In my recent travels throughout Europe, I witnessed numerous promising and innovative IoT technologies.
While we can all relate to wearables for sport and fitness, smart homes, and even “Siri” and her many step sisters, the real surprise is how the Industrial IoT (IIoT) is quietly gaining significant momentum among businesses and industries throughout the world.
Quite simply, executives are experiencing tangible results from their IIoT investments by way of decreased costs, greater profitability, and more efficient operations.
In other words, ROI for the IIoT is very real.
Growing pains persist
As with any transformative technology, there are growing pains along the way. The IIoT is no exception. There are connectivity challenges from cloud to gateway to end node. Not only must these devices connect to each other in a secure fashion, but they must also collect, aggregate, process, and send data up and down this secure IIoT infrastructure, which is composed of different wired and wireless physical media, communications and device management protocols, Cloud vendor solutions, etc.
With so much inherent complexity, it’s only fitting that we have some forms of fragmentation.
How do we solve fragmentation?
If we are to address fragmentation, and make IIoT adaption a more fluid and painless process, it’s important to discuss what’s required of next-generation IoT architectures. In this way, we can streamline current IIoT adaption – for businesses of all sizes – while we move forward with new and innovative solutions.
Through my interactions with industry executives and business partners, I’ve identified four general challenges for next-generation IIoT architectures. While the industry is addressing some of these requirements now, albeit in a narrow focus, those of us in the embedded systems industry must look at these requirements in a more holistic manner.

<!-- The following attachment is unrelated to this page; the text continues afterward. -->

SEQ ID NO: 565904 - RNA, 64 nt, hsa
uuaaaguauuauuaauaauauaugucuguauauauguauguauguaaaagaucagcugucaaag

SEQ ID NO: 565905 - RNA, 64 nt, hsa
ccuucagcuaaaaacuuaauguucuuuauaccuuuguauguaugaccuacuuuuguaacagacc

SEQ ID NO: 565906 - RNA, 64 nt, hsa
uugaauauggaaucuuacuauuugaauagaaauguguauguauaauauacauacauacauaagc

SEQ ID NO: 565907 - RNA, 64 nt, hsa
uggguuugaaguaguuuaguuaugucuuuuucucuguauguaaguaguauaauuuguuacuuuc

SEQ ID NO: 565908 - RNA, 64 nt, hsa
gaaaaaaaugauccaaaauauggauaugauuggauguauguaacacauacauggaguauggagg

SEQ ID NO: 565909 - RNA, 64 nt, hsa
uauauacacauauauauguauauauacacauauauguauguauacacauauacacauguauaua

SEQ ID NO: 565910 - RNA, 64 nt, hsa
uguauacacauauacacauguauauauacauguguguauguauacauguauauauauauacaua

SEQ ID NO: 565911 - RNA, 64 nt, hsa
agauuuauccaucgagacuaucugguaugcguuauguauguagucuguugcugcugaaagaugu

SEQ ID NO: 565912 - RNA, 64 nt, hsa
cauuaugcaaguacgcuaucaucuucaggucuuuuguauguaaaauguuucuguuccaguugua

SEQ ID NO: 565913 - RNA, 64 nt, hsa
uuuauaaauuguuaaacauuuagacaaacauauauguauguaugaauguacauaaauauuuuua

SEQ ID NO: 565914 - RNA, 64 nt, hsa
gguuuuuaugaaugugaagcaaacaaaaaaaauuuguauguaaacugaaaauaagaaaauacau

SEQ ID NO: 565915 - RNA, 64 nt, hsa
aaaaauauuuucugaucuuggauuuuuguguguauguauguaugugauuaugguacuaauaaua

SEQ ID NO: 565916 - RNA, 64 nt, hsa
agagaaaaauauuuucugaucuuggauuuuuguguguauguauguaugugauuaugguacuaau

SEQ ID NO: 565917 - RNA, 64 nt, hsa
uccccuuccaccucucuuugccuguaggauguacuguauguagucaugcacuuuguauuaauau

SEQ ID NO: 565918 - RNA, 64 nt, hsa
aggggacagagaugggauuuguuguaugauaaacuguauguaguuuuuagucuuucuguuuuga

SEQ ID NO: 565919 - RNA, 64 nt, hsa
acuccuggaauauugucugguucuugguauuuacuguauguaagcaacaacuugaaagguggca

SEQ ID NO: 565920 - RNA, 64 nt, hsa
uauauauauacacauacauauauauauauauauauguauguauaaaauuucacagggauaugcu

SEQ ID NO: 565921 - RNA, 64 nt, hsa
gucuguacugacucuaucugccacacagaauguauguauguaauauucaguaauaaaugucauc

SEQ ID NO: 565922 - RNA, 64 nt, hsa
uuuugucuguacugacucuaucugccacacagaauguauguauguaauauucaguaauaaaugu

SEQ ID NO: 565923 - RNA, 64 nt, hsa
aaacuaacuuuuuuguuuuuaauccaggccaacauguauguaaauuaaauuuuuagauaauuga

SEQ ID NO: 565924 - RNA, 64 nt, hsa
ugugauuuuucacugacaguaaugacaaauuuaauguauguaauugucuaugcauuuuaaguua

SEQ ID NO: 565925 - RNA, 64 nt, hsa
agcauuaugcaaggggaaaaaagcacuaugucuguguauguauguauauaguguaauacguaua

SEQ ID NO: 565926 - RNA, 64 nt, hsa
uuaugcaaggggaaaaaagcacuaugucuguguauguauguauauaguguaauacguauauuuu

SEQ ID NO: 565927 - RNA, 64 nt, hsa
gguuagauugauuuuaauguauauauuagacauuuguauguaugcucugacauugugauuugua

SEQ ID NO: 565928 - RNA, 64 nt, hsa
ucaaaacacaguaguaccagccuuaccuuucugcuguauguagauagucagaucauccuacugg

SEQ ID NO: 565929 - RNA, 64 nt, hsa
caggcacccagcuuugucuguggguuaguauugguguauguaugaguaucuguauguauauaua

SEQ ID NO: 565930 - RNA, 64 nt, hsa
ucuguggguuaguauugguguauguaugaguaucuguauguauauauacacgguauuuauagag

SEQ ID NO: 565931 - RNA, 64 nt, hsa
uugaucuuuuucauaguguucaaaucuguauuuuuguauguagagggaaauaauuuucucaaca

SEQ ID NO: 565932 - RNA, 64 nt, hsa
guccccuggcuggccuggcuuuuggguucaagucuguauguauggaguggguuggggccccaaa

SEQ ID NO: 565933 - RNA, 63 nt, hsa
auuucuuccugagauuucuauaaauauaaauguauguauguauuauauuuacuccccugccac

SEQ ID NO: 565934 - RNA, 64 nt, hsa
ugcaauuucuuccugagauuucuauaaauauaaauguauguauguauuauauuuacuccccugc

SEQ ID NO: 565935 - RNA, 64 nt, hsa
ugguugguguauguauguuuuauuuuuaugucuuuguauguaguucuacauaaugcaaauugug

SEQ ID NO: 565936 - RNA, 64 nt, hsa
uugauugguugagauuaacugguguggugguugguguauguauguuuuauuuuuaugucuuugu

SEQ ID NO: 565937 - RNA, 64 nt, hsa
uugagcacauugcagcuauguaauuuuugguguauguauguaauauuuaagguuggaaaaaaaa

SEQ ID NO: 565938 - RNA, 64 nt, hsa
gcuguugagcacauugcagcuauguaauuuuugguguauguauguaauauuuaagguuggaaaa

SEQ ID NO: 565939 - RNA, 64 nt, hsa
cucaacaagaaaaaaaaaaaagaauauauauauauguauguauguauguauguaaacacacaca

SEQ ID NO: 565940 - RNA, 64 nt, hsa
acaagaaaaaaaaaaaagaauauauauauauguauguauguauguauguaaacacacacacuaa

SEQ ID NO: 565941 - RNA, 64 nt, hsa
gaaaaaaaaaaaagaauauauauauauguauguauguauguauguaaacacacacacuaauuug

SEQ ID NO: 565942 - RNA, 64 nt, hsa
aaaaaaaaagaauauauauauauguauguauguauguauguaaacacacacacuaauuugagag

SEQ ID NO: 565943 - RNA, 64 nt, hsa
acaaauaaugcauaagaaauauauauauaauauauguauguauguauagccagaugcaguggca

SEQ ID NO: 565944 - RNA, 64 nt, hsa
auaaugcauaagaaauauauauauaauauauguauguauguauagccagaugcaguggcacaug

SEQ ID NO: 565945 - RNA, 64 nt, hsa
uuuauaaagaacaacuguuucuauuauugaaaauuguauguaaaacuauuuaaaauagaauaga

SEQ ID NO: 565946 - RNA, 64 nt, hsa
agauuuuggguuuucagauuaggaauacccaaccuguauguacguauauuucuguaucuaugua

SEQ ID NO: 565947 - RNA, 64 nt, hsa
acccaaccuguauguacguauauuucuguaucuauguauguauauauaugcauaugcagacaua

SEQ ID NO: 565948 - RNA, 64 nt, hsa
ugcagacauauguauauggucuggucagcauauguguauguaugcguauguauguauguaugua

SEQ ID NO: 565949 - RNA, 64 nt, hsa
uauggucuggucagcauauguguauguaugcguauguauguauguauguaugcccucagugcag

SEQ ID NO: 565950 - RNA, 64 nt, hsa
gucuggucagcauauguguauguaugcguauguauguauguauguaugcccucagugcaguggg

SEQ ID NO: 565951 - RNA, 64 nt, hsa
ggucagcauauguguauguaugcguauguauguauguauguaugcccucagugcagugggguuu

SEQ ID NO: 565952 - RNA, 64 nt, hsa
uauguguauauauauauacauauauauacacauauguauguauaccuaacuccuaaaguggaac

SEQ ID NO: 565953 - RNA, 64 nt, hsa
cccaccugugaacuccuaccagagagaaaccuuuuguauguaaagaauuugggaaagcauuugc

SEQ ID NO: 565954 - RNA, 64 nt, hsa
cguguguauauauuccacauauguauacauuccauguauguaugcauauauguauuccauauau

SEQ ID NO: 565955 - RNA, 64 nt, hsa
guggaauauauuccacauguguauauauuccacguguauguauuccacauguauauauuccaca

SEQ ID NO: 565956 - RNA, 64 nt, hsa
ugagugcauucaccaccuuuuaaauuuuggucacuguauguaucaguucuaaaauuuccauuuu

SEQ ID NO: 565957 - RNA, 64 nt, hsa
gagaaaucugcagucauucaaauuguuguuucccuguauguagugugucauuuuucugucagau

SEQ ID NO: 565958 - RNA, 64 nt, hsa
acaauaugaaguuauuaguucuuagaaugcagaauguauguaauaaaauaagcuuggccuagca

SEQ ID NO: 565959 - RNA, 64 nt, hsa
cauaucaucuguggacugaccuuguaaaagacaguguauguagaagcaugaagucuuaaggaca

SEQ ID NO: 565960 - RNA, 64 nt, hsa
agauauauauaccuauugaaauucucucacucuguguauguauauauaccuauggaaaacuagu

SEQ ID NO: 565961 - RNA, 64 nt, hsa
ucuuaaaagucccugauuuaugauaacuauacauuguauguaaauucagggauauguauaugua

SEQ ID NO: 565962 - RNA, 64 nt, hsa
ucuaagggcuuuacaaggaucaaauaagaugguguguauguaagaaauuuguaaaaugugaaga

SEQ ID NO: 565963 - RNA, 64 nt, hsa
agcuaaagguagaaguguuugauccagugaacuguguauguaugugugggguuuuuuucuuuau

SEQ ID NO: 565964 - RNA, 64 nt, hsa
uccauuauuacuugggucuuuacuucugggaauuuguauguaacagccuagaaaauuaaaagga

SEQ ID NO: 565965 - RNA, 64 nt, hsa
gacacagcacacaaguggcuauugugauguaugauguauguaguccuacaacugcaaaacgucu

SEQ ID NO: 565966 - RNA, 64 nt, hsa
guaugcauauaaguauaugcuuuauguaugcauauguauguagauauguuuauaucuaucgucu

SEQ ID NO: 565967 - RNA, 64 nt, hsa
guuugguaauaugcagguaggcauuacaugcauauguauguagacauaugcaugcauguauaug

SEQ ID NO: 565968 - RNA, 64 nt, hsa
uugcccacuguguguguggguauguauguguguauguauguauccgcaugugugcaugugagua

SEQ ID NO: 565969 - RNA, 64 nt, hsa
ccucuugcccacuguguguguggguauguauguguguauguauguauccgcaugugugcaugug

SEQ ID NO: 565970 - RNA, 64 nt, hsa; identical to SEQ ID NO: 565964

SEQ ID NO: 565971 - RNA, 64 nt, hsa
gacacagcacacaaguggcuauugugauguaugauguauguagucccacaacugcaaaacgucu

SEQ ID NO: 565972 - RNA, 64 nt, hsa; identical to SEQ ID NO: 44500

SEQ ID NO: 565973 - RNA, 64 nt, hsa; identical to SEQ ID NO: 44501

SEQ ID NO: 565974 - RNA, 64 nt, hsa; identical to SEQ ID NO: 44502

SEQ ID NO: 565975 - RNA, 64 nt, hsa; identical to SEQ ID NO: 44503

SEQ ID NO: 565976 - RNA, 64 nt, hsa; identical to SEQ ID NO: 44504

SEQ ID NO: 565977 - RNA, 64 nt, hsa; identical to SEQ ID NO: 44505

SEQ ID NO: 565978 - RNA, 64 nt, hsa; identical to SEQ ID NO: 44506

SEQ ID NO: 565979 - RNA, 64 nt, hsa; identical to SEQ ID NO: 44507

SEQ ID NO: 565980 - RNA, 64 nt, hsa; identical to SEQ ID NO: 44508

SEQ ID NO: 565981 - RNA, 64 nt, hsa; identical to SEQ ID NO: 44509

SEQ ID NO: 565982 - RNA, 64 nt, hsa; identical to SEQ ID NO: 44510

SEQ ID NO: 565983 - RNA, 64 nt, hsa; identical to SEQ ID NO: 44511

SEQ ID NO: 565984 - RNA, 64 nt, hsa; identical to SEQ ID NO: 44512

These four challenges are:
Comprehensive device management
Device management (Figure 1) is a core requirement for a successful IoT strategy. How do you manage all of your connected devices? Device management means having a strategy in place for complex operations such as device/OS updates, maintenance, application management, as well as fleet-based firmware rollouts. Of course, all of this must be done in a comprehensive and secure fashion north and south – across the entire IIoT infrastructure.
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Figure 1: Device management must take into consideration all gateways, end node devices, and potentially multiple cloud backends. (Source: Mentor Graphics)
Multiple cloud solutions
There are a significant number of cloud vendors building compelling, but different solutions that enable IIoT. These vendors use standard communication protocols, which they enable with their embedded SDKs, but they use proprietary device management and application deployment and management solutions. IIoT equipment manufacturers must build devices that can support the multiple cloud environments in which their equipment will be integrated. This gives rise to a very important question: How do you cost effectively design and manufacture equipment that can be integrated with a variety of cloud environments?